Olga Pasichnyk is a prizewinner of numerous competitions, some of which include the International Vocal Competition in s’Hertogenbosch (the Netherlands, 1994 - II prize), Mirjam Helin International Singing Competition in Helsinki (Finland, 1999 - II prize) and The Queen Elisabeth International Music Competition (Belgium, 2000 - III prize, Special Oratorio Prize and Public Prize). She twice received the Fryderyk (the highest Polish phonographic award) for the best solo recordings of 1997 and 2004, the Orfeusz (Warsaw Autumn Festival prize) in 1999, and the Golden Cross of Merit of Poland (2001), as well as A. Hiolski’s prize for the best female opera role of 2004 (Melisande in Debussy’s Pelleas et Melisande with the Polish National Opera). In 2005 she was nominated as the best opera singer of 2004/2005 for her role as Almirena (Handel, Rinaldo) by the international opera magazine Opernwelt. In 2006 she was awarded a Münchner Opernfestspiele prize.
Olga Pasichnyk has recorded 45 CDs and DVDs for different labels including Dabringhaus und Grimm, Harmonia Mundi, Naxos and Opus 111.
Stefano Rossi graduated cum laude in baroque violin at Conservatorium van Amsterdam, where he studied with Lucy van Dael, also participating to the classes of Alfredo Bernardini, Bob van Asperen and Wouter Möller.
He collaborates with groups such as Accademia Bizantina, Cappella della Pietà dei Turchini, L’Estravagante, Musica ad Rhenum, Zefiro, Camerata Anxanum, Ensemble La Fontegara, Al Ayre Espanol, Xacona, and Estro Armonico. He has also played first violin as part of the Brevis Consort’s projects for several years.
He recorded the complete collection of chamber music by Francois Couperin with Musica ad Rhenum, with L’Estravagante – Musikalische Ergötzung by Johann Pachelbel, and – with the Zefiro Ensemble – Vivaldi’s Concerti per più strumenti and Mozart’s divertimenti. He has also recorded for Naive, Stradivarius, Decca, Ambroyse, Virgin Classic, and the main European radios.
He plays an instrument made by Henry James in London in 1740.
Darius Stabinskas studied cello with Rimantas Armonas at the Lithuanian Academy of Music and the viola da gamba with Roberto Gini at the Scuola Civica di Musica in Milan; he attended early music courses held by Andrew King (Great Britain), Albert Hartinger (Austria), Rinaldo Alessandrini, Diego Fratelli and Edoardo Bellotti (Italy).
Darius Stabinskas collaborates with various European early music performers and collectives, and is invited to take part in various international projects. The artist has organised and implemented several early music projects, dedicating much attention to upholding Lithuania’s early music legacy by rescuing many of the Lithuanian nation’s important yet unheard music opuses.
He has been the artistic director of the Banchetto Musicale early music festival since 2003, and Brevis Consort since 2006.
Gintautas Venislovas, a graduate of the Lithuanian Academy of Music, has taught choir singing and conducting at the Ąžuoliukas Music School and has worked as choirmaster and conductor with the Vilnius municipal choir Jauna Muzika. He has composed a number of songs for children’s choir and compositions for mixed choir and has made many orchestral arrangements of popular music.
In 1993, Venislovas took over as artistic director of the Brevis Choir, which came into being in 1990. In 1996, Brevis was named absolute winner at an international choir competition in Slovenia, having won the Grand Prix there, and Venislovas was awarded the prize for best conductor. Over the next few years, the choir received a number of first prizes at international choir competitions and in 2003 won the European Grand Prix, the highest prize awarded to Europe’s best amateur choirs. In 2009 in Italy, the collective received the Guidoneum prize for its recent years’ artistic activities and the development of choir singing traditions in Lithuania and Europe.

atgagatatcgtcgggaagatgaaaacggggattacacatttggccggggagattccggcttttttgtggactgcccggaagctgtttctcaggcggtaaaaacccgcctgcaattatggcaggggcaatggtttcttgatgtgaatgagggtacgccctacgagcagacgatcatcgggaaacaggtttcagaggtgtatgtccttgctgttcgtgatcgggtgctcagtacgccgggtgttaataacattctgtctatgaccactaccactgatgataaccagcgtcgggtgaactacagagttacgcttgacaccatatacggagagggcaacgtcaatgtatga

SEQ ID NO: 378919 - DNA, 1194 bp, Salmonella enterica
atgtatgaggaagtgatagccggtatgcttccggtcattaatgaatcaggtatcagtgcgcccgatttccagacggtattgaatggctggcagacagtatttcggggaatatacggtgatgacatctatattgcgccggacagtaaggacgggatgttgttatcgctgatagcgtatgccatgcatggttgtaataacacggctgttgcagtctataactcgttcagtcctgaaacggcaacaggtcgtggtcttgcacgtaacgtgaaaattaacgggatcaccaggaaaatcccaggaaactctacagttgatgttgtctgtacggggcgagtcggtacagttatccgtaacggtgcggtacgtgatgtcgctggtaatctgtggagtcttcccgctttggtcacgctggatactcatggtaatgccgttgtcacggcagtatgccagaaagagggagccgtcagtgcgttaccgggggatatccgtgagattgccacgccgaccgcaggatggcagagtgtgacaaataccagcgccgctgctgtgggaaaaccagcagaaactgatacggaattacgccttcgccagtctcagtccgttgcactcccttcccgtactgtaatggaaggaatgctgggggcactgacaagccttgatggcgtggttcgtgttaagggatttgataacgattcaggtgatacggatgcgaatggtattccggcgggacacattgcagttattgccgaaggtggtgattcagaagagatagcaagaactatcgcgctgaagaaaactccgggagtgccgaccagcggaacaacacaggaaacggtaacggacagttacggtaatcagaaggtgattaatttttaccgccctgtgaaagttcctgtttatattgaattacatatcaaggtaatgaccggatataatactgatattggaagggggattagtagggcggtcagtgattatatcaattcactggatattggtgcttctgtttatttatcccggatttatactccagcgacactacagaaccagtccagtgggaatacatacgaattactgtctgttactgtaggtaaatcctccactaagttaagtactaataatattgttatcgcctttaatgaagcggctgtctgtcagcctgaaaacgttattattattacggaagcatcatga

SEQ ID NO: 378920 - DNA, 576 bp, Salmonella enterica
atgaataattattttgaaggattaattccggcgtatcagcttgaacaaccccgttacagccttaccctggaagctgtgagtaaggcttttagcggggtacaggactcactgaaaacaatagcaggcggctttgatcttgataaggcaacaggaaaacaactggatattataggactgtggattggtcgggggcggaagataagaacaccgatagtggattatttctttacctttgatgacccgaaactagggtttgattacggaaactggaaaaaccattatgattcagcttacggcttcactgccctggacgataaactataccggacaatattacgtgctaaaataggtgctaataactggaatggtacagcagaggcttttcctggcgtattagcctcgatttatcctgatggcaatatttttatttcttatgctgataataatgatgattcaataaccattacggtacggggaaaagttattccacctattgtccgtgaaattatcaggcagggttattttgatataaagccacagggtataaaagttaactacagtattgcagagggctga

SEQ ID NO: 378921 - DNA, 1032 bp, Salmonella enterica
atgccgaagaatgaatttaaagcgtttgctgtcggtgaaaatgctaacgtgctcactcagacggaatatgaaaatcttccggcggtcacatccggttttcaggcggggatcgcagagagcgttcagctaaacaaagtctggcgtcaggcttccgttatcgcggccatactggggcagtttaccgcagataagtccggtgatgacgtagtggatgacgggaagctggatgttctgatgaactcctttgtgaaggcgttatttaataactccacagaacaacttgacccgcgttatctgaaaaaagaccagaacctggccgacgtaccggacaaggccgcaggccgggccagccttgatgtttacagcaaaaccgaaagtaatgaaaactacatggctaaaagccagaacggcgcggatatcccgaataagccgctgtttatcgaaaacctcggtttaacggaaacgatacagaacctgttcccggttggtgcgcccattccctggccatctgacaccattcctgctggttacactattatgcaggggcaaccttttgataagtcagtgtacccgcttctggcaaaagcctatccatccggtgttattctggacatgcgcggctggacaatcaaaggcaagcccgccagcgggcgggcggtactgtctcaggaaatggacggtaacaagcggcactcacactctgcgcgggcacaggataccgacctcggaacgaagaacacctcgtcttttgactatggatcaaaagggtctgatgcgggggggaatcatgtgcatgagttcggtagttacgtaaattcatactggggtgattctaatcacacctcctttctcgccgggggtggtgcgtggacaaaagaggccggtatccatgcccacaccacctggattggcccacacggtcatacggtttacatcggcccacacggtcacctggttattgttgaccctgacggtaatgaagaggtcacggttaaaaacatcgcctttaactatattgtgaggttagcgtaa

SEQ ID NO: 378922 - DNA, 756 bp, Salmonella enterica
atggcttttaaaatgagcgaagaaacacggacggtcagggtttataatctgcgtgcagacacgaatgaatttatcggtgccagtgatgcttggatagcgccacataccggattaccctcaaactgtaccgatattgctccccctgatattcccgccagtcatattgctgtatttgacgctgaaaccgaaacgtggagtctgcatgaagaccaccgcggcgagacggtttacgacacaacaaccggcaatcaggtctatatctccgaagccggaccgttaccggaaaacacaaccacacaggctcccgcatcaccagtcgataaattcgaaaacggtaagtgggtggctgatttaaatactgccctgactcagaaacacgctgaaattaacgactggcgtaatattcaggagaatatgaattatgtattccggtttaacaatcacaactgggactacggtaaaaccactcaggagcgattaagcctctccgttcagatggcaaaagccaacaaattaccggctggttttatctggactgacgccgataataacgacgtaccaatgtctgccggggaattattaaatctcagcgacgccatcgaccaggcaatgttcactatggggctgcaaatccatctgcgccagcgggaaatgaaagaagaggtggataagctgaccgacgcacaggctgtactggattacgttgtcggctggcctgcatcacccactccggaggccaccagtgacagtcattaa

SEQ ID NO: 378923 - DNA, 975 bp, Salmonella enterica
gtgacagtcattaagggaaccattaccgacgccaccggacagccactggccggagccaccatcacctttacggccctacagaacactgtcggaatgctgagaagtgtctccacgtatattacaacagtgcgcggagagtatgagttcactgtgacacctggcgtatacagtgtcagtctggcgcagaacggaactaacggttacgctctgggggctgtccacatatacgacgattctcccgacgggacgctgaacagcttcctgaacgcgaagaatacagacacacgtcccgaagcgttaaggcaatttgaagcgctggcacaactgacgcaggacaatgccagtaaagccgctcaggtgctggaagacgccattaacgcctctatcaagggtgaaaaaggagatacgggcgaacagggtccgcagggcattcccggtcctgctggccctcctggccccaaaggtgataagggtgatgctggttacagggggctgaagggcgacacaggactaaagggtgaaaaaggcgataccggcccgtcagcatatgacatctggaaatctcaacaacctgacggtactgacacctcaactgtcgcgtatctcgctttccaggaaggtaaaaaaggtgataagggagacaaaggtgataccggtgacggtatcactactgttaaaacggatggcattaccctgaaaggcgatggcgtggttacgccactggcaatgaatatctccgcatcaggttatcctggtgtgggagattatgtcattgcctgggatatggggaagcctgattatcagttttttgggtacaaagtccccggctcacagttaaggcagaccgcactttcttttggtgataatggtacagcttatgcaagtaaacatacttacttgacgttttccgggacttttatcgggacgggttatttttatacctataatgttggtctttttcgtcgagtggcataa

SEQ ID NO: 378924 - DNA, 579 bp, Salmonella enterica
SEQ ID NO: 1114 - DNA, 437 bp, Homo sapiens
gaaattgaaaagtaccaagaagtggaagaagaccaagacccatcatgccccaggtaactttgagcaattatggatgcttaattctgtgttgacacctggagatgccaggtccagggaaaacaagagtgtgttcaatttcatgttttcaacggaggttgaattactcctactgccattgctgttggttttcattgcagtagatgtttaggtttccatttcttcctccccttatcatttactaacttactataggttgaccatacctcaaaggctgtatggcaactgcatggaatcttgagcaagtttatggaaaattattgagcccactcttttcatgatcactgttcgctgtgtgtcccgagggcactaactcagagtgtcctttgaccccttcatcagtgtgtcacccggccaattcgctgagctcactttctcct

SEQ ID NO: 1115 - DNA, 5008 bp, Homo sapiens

The Brevis Choir has appeared in a number of European countries and in Japan, and appears with Lithuania’s finest collectives: the Lithuanian State Symphony, the Lithuanian National Symphony, the St. Christopher, as well as other chamber orchestras. The group has released over ten CDs with works from various eras and genres.
The Brevis Consort was founded in 2006. The collective’s artistic director cellist Darius Stabinskas, having returned from his studies in Italy in 2001, decided to devote himself to early music and the nuturing of the historical musical heritage of Lithuania. Establishing the Baltic States Baroque Orchestra and the ensemble in the same year, he started closely cooperating with one of the most vibrant chamber choirs existing in Lithuania at the time, Brevis. After several projects, the two collectives combined and changed their name to the Brevis Choir and Consort, and arranged one of the most monumental early Baroque masterpieces – Claudio Monteverdi’s Vespers of the Blessed Virgin.
In recent years, the collectives have arranged many important programmes, including Dietrich Buxtehude’ cantata Membra Jesu nostri, Orazio Vecchi’s Amfiparnaso, a programme of works by composers from the Jesuit “Collegium Germanicum”, the programme of Italian madrigals from the manor estate of the rulers of the Polish–Lithuanian Commonwealth, the concerto “Marco Scacchi: A pupil and a master”, heard by a large audience of Euroradio listeners, and Alessandro Scarlatti’s oratorio “San Casimiro – Re di Polonia”, performed at the opening of the Baroque dialogues program.
The Brevis Consort also appears in concerts as an independent collective. In addition to several Lithuanian musicians, there are also professional early music artists from the other Baltic States, Germany, Italy, Switzerland, Poland, and other European countries, while depending on the programme being performed, the ensemble’s composition may vary from two to twenty, or more performers.
The Brevis Consort has appeared in the Banchetto musicale festival on many occassions, presenting non-traditional programmes and performing works that have never been heard before in Lithuania. One of its most significant projects is director Gintaras Varnas’ production of Claudio Monteverdi’s madrigal operas Combattimento di Tancredi e Clorinda and Ballo delle Ingrate, both of which have earned excellent reviews from the public and critics alike.